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  • High and Hidden Costs: There is Nothing Free about the Wind

    What was normally a peaceful, quiet way of life for residents of Vinalhaven, an island off the coast of Maine, suddenly became loud and unbearable when utilities operating three new wind turbines flipped the switch to “on.” A recent New York Times article reports that some Vinalhaven residents are learning “the hard way” that wind power has its costs.

    While residents welcomed the arrival of the turbines in late 2009, it is apparent that they did so with certain expectations. Those expectations came from what schoolteacher Sally Wylie call an understanding that the turbine noise would not be discernible.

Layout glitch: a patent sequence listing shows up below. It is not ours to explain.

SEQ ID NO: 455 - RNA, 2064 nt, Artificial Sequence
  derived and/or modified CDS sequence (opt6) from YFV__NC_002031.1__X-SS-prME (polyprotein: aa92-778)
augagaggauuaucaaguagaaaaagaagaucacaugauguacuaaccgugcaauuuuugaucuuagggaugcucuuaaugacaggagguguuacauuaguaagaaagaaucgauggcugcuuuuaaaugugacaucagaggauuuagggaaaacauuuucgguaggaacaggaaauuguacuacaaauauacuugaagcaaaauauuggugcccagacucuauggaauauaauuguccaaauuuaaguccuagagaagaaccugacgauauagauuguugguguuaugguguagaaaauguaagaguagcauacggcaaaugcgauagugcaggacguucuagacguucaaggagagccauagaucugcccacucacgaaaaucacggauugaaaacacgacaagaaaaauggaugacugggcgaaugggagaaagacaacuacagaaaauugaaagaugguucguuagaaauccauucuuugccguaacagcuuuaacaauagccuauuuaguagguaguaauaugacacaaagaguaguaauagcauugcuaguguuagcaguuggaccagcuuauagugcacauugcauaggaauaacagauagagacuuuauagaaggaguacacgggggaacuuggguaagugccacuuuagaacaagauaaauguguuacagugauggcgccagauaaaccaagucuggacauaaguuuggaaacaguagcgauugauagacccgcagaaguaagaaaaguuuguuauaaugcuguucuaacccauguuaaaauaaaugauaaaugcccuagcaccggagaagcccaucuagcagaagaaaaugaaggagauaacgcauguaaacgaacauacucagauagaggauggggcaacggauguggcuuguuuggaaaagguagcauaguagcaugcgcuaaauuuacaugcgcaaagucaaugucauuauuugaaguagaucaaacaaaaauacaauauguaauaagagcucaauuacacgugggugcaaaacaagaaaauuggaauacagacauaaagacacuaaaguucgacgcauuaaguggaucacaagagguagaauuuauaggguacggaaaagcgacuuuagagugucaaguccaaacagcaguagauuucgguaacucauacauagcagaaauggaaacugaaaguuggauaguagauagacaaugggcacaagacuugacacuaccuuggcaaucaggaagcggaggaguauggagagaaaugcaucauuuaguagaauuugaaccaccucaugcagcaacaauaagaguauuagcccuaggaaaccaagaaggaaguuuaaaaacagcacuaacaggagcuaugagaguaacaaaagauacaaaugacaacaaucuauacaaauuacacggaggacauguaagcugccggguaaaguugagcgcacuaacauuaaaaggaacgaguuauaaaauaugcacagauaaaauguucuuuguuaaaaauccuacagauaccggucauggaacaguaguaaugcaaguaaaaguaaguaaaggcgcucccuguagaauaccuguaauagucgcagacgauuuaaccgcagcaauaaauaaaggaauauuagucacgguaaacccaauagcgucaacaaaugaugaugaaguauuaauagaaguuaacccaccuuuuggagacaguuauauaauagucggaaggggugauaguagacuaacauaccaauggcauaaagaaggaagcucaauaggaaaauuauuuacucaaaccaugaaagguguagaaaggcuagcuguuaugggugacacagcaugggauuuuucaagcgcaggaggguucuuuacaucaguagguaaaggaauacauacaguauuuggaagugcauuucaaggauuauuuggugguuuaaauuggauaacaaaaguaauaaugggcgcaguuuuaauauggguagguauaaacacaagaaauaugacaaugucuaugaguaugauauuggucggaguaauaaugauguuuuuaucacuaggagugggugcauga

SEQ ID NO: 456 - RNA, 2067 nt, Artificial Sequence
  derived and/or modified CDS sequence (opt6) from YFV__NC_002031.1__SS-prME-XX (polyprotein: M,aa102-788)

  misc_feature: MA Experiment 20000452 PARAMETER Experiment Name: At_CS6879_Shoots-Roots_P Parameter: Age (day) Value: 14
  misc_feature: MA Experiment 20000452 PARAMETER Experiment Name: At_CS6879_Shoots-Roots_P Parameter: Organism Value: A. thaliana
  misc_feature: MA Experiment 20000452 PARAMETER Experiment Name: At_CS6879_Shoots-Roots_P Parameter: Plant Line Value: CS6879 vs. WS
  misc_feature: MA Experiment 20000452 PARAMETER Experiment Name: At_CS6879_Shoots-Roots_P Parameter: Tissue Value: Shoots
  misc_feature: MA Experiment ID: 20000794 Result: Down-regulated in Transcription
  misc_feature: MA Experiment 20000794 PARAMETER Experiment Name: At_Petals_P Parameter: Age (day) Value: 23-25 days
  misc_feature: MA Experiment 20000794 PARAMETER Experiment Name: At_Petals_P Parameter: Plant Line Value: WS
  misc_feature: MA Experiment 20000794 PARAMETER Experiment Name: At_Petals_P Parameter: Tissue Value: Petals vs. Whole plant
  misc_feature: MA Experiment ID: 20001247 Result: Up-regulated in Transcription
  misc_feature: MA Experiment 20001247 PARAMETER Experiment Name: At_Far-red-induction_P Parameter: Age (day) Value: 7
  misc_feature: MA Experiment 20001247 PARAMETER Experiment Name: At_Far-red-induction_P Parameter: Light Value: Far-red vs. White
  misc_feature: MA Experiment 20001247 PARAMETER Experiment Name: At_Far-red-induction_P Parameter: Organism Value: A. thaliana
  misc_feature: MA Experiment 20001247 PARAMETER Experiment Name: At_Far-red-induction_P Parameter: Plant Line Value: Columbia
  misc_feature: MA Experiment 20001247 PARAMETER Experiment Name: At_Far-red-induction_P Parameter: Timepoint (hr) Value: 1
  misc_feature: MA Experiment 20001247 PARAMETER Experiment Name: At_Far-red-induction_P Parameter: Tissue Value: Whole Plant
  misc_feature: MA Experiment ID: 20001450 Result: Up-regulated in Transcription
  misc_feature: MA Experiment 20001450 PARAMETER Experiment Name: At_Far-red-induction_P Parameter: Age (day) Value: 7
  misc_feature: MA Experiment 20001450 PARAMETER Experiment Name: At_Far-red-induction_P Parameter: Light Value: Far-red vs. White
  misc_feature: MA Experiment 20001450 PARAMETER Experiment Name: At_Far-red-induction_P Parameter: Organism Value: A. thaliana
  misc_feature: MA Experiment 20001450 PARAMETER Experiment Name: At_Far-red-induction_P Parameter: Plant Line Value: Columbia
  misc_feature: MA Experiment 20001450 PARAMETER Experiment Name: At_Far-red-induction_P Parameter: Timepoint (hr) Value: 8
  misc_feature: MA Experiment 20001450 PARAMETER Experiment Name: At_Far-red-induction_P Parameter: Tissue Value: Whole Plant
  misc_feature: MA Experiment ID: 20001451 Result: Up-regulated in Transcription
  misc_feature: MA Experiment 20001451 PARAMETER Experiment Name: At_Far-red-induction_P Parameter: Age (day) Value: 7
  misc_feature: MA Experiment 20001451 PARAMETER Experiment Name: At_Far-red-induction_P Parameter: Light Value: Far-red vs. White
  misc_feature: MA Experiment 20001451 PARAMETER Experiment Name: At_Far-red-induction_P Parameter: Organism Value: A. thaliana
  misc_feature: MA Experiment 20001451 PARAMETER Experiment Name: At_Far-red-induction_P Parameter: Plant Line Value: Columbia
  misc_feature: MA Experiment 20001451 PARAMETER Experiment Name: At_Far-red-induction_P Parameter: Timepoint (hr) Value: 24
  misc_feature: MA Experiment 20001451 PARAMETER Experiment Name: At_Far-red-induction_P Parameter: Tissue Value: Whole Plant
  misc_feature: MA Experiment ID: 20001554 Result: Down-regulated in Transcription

Though wind farms produce emissions-free energy (when the wind is blowing), they bring certain costs with them. One cost—the wearisome low-frequency noise emitted by enormous blades—is evident by these complaints from Maine and from other homeowners all over the country. Complaints filed in 2008 by a Pennsylvania couple and a Wisconsin family forced to vacate its farm are just two examples of the financial and physiological damages of the whooshing turbines.

    The deceit in this story runs deeper. According to the Times article:

    Turbine noise can be controlled by reducing the rotational speed of the blades. But the turbines on Vinalhaven already operate that way after 7 p.m., and George Baker, the chief executive of Fox Island Wind—a for-profit arm of the island’s electricity co-operative—said that turning the turbines down came at an economic cost. “The more we do that, the higher goes the price of electricity on the island,” he said.